Thursday, April 5, 2012

Iraq Sees Record Highs In Oil Exports And Profits In March 2012

March 2012 saw record high oil exports and profits for Iraq. That was due to several factors including better weather, the work of foreign energy corporations, and the opening of a new terminal. Continued tension in the Persian Gulf over Iran also kept prices high, meaning that Iraq was able to bring in a huge amount of profits last month as well.

The increase in exports in March 2012 was due to higher output from both the north and south. In February, Iraq exported an average of 2.01 million barrels a day, which was a fourteen-month low. In comparison, last month saw 2.317 million barrels a day. Oil Minister Abdul Karim Luaibi declared that the highest mark since the 2003 invasion. Both the port of Basra and the northern pipeline saw a rise in output. The south went from an average of 1.711 million barrels a day in February to 1.917 million in March, while the north grew from 375,000 barrels to 400,645. For the past few years, Iraq’s oil production has been going up, but the amount of exports has been severely limited by the lack of infrastructure. That problem is finally being dealt with.

Comparison Of Exports From The Port Of Basra And The Northern Pipeline March – February 2012

March 2012
Basra 1.917 mil/bar/day
North 400,645 bar/day

Feb. 2012
Basra avg. 1.711 mil/bar/day
North 375,000 bar/day

Iraq Oil Exports And Profits 2011-2012
Avg. Price Per Barrel
Revenue (Mil)
Jan. 11
Jan. 12

The rise in foreign sales was due to several factors. First, bad weather and technical problems were blamed for February’s low numbers. In the port of Basra for example, high winds lead to choppy waters, which prevent ships from docking. That was not an issue last month. Second, foreign corporations continue their work within Iraq to boost overall production. Italy’s Eni for instance, announced in late March that it had increased output at the Zubayr field in Basra from 150,000 barrels a day to 270,000 barrels. Last, and most importantly, a new single point-mooring terminal started operating in Basra at the beginning of the month. It has a capacity of 850,000 barrels a day, and will boost exports by around 300,000 barrels a day. The first tanker started loading at the new port on March 8, and left five days later. By March 27, a third ship was done filling up as well. The new mooring is part of a $1.3 billion expansion plan by Iraq’s Oil Ministry, which will include three more terminals built by Australia’s Leighton Holdings. The second is due to open in April, but delays can be expected just like happened with the first one, and just about every other major project in the country. When all four are up and running they will add 3.4 million barrels a day in capacity to Basra. This is by far the most important event. Weather is an uncontrollable factor, and foreign companies have been working in Iraq since 2009. Often, they have had to cut back their work, because Iraq’s infrastructure cannot handle the added production. What have been needed are new pipelines and export ports, and that’s being addressed now.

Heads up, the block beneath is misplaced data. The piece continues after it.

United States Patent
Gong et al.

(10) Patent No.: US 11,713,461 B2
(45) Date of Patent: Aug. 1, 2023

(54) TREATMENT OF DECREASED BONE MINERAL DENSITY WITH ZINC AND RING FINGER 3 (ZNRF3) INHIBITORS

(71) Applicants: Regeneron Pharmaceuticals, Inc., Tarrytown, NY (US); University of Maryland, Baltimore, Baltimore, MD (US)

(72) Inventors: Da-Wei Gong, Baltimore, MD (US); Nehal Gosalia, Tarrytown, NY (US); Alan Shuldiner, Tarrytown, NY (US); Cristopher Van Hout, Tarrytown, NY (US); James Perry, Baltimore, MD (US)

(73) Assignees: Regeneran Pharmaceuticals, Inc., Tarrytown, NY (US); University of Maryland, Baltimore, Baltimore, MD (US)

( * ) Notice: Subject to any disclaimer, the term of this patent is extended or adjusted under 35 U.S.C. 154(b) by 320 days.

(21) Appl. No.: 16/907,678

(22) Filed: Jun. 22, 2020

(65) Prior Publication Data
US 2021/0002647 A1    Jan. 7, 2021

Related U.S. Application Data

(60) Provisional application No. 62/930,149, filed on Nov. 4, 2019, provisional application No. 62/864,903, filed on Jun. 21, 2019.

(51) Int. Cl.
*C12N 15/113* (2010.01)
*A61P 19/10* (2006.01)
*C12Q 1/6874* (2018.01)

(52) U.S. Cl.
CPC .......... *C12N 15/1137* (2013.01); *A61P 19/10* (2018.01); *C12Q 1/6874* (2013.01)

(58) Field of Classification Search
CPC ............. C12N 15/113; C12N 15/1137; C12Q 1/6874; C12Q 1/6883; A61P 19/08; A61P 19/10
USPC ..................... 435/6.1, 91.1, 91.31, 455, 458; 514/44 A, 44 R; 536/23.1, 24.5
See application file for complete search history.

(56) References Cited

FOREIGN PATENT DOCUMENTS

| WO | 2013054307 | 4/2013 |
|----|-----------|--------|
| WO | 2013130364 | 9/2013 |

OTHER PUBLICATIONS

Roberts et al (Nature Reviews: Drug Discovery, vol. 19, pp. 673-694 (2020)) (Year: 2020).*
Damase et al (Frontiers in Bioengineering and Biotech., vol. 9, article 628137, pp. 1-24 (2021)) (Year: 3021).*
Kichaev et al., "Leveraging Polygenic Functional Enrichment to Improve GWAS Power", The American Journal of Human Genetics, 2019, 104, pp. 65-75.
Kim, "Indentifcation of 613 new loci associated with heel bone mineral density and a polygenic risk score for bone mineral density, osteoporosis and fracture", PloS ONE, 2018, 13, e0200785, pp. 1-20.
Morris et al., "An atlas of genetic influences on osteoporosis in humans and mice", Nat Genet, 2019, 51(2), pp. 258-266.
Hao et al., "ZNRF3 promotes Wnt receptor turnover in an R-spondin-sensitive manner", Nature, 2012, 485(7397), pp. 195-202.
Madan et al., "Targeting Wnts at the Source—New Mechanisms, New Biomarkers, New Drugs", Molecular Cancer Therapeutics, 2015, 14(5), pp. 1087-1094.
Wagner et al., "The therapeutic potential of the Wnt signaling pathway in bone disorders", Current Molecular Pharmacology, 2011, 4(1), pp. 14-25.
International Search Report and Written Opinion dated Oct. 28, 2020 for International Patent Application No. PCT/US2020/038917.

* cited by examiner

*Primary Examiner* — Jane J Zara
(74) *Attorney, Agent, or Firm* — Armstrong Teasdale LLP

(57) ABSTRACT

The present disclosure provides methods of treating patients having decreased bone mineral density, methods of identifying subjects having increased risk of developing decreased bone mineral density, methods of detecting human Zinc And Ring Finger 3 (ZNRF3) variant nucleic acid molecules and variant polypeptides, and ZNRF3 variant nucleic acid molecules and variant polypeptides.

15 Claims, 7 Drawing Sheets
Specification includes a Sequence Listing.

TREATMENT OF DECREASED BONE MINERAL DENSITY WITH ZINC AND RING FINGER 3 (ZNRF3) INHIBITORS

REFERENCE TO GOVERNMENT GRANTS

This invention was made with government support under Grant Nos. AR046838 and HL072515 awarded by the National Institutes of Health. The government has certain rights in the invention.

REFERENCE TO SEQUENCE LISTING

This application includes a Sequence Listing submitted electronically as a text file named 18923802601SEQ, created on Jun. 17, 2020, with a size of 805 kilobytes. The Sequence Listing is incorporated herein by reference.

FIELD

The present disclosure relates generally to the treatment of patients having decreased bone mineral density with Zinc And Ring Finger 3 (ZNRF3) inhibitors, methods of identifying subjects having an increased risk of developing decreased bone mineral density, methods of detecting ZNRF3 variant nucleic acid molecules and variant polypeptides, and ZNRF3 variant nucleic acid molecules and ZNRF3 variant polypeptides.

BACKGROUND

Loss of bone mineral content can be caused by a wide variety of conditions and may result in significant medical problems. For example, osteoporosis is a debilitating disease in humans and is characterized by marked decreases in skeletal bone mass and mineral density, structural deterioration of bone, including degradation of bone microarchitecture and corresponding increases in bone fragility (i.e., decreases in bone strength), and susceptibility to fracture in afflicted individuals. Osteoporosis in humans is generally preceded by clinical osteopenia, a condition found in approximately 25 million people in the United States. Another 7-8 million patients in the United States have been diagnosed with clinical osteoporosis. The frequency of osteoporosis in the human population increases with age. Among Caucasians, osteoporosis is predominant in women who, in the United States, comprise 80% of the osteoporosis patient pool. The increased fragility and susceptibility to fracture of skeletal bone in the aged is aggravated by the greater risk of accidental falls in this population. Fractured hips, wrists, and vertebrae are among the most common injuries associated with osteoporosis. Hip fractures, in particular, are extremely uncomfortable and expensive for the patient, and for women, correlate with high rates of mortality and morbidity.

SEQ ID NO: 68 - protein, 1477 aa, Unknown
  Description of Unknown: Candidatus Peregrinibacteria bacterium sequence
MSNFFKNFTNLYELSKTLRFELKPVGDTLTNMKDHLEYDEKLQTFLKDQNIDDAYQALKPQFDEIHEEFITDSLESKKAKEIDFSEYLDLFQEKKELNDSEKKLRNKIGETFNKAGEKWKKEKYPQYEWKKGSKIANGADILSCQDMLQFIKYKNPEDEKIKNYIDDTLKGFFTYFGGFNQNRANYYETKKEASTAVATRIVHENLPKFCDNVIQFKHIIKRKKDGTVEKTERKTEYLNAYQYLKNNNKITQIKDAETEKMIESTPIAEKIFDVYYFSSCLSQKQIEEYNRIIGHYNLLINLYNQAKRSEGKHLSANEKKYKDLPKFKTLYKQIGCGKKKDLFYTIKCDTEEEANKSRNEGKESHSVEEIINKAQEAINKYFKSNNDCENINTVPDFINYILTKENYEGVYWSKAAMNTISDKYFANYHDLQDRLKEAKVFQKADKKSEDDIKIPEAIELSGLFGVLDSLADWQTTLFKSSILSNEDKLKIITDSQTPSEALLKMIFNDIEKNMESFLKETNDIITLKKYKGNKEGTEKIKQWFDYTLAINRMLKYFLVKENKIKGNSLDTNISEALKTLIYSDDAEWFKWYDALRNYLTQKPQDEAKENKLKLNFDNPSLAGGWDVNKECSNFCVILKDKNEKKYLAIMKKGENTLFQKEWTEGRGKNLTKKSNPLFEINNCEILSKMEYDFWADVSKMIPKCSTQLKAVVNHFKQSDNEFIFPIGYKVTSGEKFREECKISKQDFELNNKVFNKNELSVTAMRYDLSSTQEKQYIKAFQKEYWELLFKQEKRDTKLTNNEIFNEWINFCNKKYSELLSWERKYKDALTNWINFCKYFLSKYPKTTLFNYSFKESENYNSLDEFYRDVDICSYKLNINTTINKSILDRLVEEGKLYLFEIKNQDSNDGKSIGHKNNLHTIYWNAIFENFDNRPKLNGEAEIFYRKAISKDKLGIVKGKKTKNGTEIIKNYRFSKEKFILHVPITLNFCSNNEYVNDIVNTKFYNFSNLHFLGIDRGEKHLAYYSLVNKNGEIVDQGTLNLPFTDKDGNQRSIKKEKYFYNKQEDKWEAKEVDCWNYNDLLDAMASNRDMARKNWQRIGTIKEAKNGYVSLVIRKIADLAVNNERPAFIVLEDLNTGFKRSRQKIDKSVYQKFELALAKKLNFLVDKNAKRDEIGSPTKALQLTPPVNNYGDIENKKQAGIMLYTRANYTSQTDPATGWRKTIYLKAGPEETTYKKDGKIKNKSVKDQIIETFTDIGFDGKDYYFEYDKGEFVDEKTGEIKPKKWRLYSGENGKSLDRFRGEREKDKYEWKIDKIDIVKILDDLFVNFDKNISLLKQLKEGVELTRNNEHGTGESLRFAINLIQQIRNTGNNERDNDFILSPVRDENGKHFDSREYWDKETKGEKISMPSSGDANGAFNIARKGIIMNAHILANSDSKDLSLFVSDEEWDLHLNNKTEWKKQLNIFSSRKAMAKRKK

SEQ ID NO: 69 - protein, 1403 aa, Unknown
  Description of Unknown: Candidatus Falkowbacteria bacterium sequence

Iraq not only benefited from increased exports in March, but also high prices. Iraqi crude increased from $112.92 per barrel in February to $118 last month. That led to record profits at $8.475 billion. That was far above the previous high of $7.45 billion seen in May 2011. Prices have stayed at over $100 per Iraqi barrel for exactly one year now. That was started by the Arab Spring, and has continued with the tensions over Iran. That means that Iraq’s new infrastructure is coming on line just in time to catch this wave of increased speculation on international markets, which will lead to higher revenue for a country that is the most oil dependent in the Middle East and North Africa.

Iraq has been waiting literally decades to improve its infrastructure and achieve its promise with regards to its oil industry. Sanctions, wars, and the U.S. invasion have consistently set back these plans. With violence finally down in the country, and foreign companies having signed contracts with the central government three years ago, Iraq can finally begin to reach its potential with regards to its most important natural resource. That process will still take a long time, and there will be setbacks along the way, but the country is coming into its own as a major player on the world energy market once again.


Ajrash, Kadhim and Razzouk, Nayla, “Iraq March Crude Exports Rise to Highest Since 1980,” Bloomberg, 4/1/12

Dow Jones, “New Iraq Oil Export Terminal Loads 3rd Vessel –Official,” 3/27/12

Kami, Aseel, “UPDATE 2-Iraq denies technical fault in new oil terminal,” Reuters, 3/22/12

Mohammed, Aref, “CORRECTED-UPDATE 1-Iraq starts oil exports from new floating facility,” Reuters, 3/8/12

Rasheed, Ahmed, “Iraq approves Hormuz oil exports contingency plan,” Reuters, 3/18/12

Reuters, “First tanker leaves new Iraq export terminal,” 3/13/12

Al-Saleh, Ammar, “Eni oil company in Basra reaches 270,000 barrels per day,” AK News, 3/29/12

Al-Wannan, Jaafar, “New Basra oil port begins operation,” AK News, 3/6/12

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